Sharjah: Sweden created their own piece of history when they reached the quarter-finals of the 2013 Fifa U-17 World Cup with a 2-1 win over Japan on Monday.
Playing a cool, calm and collected Japanese side, Sweden relied on fast and accurate counter-attacks to find the net in the 11th minute through Valmir Berisha and then in the 36th minute — thanks to some sloppy goalkeeping from Teimosii Shiraoka — through Gustav Engvall. Linus Wahlqvist scored an own goal in the 56th minute to help the Asians remain in the match.
This is Sweden’s maiden outing in this competition and their previous best performance on the global stage was their first-round exit from the Fifa U-20 World Cup way back in 1991. Only one Asian team — Saudi Arabia — have ever overcome European opposition in the knockout stages of an U-17 World Cup.
As one of two sides along with Brazil who won all three group matches, Japan confidently started the game, their trademark short and concise passing in full flow.
Koji Miyoshi from the right wing was particularly effective, and the Kawasaki Frontale midfielder came close to scoring on a couple of occasions within a minute.
In the sixth minute, Miyoshi had a crack at the Swedish goal but his volley flew off his shin guard, and in the second instance a minute later, he mistimed his shot and it went straight into the waiting arms of goalkeeper Sixten Mohlin.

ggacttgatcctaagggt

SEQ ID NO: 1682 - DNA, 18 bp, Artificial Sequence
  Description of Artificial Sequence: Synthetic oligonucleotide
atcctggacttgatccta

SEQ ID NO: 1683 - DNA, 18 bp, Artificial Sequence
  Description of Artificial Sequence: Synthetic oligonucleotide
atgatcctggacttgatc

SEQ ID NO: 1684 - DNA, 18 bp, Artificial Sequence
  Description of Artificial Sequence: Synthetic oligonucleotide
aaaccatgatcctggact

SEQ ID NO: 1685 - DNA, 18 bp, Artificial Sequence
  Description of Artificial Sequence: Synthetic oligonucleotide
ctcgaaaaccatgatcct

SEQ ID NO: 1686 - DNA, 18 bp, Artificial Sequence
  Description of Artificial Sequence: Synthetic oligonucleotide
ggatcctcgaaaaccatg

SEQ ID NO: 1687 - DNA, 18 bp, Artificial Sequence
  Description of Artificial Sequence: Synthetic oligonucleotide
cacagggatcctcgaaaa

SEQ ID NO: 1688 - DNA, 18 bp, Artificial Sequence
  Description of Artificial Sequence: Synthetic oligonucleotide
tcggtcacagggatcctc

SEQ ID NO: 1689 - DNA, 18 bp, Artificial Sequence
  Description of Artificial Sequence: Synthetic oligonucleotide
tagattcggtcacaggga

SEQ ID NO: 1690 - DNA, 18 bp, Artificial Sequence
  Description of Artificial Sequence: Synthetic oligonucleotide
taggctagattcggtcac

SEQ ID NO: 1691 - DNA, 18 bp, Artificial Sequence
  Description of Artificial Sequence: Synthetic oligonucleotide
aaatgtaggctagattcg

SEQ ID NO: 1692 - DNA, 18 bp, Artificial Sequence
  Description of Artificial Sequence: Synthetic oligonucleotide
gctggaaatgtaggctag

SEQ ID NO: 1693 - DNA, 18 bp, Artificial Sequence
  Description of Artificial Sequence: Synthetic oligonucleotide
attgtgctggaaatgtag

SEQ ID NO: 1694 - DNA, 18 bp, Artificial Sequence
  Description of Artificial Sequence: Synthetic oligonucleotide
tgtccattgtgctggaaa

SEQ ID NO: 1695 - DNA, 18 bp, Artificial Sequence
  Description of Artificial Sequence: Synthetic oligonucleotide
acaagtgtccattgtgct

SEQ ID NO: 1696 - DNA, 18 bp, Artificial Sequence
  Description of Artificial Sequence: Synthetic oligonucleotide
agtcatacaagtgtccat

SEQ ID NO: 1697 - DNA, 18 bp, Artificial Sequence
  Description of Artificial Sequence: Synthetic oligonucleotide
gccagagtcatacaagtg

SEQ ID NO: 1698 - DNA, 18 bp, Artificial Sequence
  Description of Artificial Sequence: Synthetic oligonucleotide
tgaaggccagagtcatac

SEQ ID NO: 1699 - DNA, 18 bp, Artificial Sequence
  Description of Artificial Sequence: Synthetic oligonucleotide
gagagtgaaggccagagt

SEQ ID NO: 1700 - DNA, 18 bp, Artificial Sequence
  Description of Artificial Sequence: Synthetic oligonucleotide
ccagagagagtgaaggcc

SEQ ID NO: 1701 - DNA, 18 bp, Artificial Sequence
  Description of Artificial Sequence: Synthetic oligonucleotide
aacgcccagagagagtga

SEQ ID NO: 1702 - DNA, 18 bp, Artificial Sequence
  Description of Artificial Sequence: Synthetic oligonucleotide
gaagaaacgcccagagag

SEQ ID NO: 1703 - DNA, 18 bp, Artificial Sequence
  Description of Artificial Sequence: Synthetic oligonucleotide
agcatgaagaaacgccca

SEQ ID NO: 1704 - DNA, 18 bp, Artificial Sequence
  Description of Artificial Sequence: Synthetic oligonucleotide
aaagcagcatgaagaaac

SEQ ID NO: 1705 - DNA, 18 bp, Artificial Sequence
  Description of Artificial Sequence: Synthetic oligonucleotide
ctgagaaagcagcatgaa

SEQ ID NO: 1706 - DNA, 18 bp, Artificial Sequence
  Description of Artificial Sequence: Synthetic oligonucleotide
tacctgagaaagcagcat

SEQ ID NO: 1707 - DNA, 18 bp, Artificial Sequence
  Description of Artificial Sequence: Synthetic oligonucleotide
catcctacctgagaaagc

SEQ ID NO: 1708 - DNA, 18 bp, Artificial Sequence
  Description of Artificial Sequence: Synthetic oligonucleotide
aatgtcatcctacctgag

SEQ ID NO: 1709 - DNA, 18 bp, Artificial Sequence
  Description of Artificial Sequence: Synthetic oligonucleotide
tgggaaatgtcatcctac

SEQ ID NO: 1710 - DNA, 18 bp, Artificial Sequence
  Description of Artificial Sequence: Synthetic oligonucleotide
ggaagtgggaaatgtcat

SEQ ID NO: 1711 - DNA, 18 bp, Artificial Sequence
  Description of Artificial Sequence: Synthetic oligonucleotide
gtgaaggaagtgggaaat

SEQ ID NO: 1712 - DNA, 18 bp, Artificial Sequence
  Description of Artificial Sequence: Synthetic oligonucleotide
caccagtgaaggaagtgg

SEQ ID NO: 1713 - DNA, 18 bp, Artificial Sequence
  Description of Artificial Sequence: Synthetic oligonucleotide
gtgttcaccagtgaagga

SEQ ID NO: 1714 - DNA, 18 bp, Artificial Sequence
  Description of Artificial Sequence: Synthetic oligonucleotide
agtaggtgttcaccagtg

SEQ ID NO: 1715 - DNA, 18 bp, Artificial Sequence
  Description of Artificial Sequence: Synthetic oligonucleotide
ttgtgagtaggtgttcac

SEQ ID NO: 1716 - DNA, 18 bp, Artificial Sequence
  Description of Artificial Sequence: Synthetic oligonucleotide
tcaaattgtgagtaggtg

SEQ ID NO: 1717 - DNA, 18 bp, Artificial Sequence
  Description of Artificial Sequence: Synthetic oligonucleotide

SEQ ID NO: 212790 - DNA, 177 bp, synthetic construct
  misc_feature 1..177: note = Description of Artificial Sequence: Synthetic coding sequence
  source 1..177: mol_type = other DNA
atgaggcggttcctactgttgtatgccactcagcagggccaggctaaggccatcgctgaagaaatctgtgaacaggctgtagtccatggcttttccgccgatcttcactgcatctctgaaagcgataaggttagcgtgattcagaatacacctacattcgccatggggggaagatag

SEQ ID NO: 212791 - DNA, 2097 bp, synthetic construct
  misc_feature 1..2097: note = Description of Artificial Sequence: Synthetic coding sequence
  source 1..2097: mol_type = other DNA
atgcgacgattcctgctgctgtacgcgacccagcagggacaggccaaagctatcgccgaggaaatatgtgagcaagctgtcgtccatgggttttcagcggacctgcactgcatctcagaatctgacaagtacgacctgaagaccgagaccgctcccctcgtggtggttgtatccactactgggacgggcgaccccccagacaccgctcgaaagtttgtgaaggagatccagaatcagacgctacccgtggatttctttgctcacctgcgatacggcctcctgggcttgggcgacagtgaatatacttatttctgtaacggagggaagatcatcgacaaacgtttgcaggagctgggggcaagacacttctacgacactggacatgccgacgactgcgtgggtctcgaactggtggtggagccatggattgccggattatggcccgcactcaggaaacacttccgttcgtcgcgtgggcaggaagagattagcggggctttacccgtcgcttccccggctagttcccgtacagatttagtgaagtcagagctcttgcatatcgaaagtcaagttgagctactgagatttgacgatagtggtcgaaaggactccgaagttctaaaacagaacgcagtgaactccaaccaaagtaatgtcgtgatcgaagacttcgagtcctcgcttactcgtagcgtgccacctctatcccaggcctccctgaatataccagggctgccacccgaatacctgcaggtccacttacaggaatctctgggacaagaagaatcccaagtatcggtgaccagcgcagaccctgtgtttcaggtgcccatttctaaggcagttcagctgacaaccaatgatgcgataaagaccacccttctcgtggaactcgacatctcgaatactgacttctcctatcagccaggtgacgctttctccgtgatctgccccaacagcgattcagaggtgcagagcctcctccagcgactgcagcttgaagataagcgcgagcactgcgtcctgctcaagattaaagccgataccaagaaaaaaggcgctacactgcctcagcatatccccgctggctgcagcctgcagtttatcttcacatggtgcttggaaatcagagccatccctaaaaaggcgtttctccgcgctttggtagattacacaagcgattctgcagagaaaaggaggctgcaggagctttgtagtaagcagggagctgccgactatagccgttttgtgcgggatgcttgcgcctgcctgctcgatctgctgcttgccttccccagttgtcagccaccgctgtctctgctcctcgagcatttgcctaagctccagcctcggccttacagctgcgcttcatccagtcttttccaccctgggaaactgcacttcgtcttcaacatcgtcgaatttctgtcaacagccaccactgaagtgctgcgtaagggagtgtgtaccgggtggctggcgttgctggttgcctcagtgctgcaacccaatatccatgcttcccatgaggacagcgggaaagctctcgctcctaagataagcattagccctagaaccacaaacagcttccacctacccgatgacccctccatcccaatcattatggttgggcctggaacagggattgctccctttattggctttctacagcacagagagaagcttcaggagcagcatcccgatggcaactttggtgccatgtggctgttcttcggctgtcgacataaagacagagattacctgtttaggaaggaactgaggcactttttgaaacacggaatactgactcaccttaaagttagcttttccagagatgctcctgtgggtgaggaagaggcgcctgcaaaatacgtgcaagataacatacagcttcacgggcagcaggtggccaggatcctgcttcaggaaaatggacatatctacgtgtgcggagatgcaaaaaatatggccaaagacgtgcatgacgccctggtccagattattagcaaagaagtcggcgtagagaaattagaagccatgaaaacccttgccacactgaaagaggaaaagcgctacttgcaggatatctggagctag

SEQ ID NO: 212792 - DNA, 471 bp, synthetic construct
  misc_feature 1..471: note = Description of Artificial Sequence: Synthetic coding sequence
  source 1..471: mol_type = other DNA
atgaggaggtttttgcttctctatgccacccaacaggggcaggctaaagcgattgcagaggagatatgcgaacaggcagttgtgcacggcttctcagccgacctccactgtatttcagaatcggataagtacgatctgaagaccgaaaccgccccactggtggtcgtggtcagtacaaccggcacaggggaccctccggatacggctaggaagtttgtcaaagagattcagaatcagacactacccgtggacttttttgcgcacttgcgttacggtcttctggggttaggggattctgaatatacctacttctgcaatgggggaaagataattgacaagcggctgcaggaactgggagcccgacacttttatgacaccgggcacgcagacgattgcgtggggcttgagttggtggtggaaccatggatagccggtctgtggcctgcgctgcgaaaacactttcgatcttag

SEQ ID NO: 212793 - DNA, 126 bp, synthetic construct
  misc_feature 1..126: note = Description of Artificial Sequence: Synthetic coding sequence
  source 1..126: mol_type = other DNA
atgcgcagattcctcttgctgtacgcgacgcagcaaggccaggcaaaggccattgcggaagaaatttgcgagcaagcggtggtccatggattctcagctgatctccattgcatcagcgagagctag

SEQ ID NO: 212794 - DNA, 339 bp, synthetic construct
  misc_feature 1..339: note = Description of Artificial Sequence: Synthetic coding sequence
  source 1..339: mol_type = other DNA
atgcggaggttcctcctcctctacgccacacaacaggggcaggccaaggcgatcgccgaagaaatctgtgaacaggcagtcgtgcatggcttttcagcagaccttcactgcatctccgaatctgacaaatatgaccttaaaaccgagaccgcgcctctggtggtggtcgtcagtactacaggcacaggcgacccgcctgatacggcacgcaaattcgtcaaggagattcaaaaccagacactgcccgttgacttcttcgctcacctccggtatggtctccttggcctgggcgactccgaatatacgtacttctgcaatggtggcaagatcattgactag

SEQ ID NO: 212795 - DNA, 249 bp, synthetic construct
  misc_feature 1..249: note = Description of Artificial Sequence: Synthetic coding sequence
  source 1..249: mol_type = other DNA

It was against the run of play that Sweden opened the scoring in the 11th minute when Berisha drove home following a cross from the left by Mirza Halvadzic.
Japan grabbed an equaliser in the 33rd minute when Miyoshi slotted home after receiving from Kosei Uryu, but the diminutive striker was ruled offside.
Sweden doubled the score in the 36th when Engvall had the easiest of touches into an empty goal after Japan goalkeeper Shiraoka had spilled a shot from Halvadzic.
Yet Japan never gave up and Sweden goalkeeper Shiraoka came to the rescue of his team in the 43rd minute when he flung himself to keep out a firm effort from Miyoshi.
Sweden nearly added a third immediately after the restart when Engvall passed to Elias Andersson, but the captain shot into the side netting.
In the 52nd minute, Japan’s Taro Sugimoto struggled to keep balance inside the area and allowed his shot to balloon over. That looked like a warning to the Scandinavians as Japan finally managed to pull a goal back in the 56th minute when Hiroki Ogawa ran down the right and his cross was bundled into his own net by Linus Wahlqvist.
Two minutes later, substitute Taro Sugimoto fired a snap shot past the upright. Sweden made changes and packed their defence with nine players, and despite some sustained pressure from Japan, the scoreline remained intact.